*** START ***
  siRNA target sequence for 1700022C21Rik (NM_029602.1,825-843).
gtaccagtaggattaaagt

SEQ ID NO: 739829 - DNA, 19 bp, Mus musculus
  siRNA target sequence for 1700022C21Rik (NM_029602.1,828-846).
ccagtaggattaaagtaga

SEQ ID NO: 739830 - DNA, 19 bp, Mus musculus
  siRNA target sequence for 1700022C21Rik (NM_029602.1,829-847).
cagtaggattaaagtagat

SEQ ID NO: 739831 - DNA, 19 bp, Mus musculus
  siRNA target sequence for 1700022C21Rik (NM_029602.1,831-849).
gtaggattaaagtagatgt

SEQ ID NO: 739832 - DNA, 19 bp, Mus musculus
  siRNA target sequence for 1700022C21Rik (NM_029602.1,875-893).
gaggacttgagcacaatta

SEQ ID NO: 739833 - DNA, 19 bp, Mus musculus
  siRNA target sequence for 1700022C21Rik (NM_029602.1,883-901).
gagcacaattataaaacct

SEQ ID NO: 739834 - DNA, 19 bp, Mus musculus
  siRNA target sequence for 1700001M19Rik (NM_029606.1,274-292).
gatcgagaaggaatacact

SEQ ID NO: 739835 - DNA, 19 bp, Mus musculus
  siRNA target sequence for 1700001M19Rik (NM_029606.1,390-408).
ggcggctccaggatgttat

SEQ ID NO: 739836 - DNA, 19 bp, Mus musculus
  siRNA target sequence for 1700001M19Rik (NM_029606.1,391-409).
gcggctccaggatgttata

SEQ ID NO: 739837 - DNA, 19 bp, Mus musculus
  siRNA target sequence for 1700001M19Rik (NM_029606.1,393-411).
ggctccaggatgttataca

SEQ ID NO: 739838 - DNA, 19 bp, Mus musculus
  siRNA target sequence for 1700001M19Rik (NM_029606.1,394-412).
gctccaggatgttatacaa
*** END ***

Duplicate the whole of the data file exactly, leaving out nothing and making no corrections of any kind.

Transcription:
  siRNA target sequence for 1700022C21Rik (NM_029602.1,825-843).
gtaccagtaggattaaagt

SEQ ID NO: 739829 - DNA, 19 bp, Mus musculus
  siRNA target sequence for 1700022C21Rik (NM_029602.1,828-846).
ccagtaggattaaagtaga

SEQ ID NO: 739830 - DNA, 19 bp, Mus musculus
  siRNA target sequence for 1700022C21Rik (NM_029602.1,829-847).
cagtaggattaaagtagat

SEQ ID NO: 739831 - DNA, 19 bp, Mus musculus
  siRNA target sequence for 1700022C21Rik (NM_029602.1,831-849).
gtaggattaaagtagatgt

SEQ ID NO: 739832 - DNA, 19 bp, Mus musculus
  siRNA target sequence for 1700022C21Rik (NM_029602.1,875-893).
gaggacttgagcacaatta

SEQ ID NO: 739833 - DNA, 19 bp, Mus musculus
  siRNA target sequence for 1700022C21Rik (NM_029602.1,883-901).
gagcacaattataaaacct

SEQ ID NO: 739834 - DNA, 19 bp, Mus musculus
  siRNA target sequence for 1700001M19Rik (NM_029606.1,274-292).
gatcgagaaggaatacact

SEQ ID NO: 739835 - DNA, 19 bp, Mus musculus
  siRNA target sequence for 1700001M19Rik (NM_029606.1,390-408).
ggcggctccaggatgttat

SEQ ID NO: 739836 - DNA, 19 bp, Mus musculus
  siRNA target sequence for 1700001M19Rik (NM_029606.1,391-409).
gcggctccaggatgttata

SEQ ID NO: 739837 - DNA, 19 bp, Mus musculus
  siRNA target sequence for 1700001M19Rik (NM_029606.1,393-411).
ggctccaggatgttataca

SEQ ID NO: 739838 - DNA, 19 bp, Mus musculus
  siRNA target sequence for 1700001M19Rik (NM_029606.1,394-412).
gctccaggatgttatacaa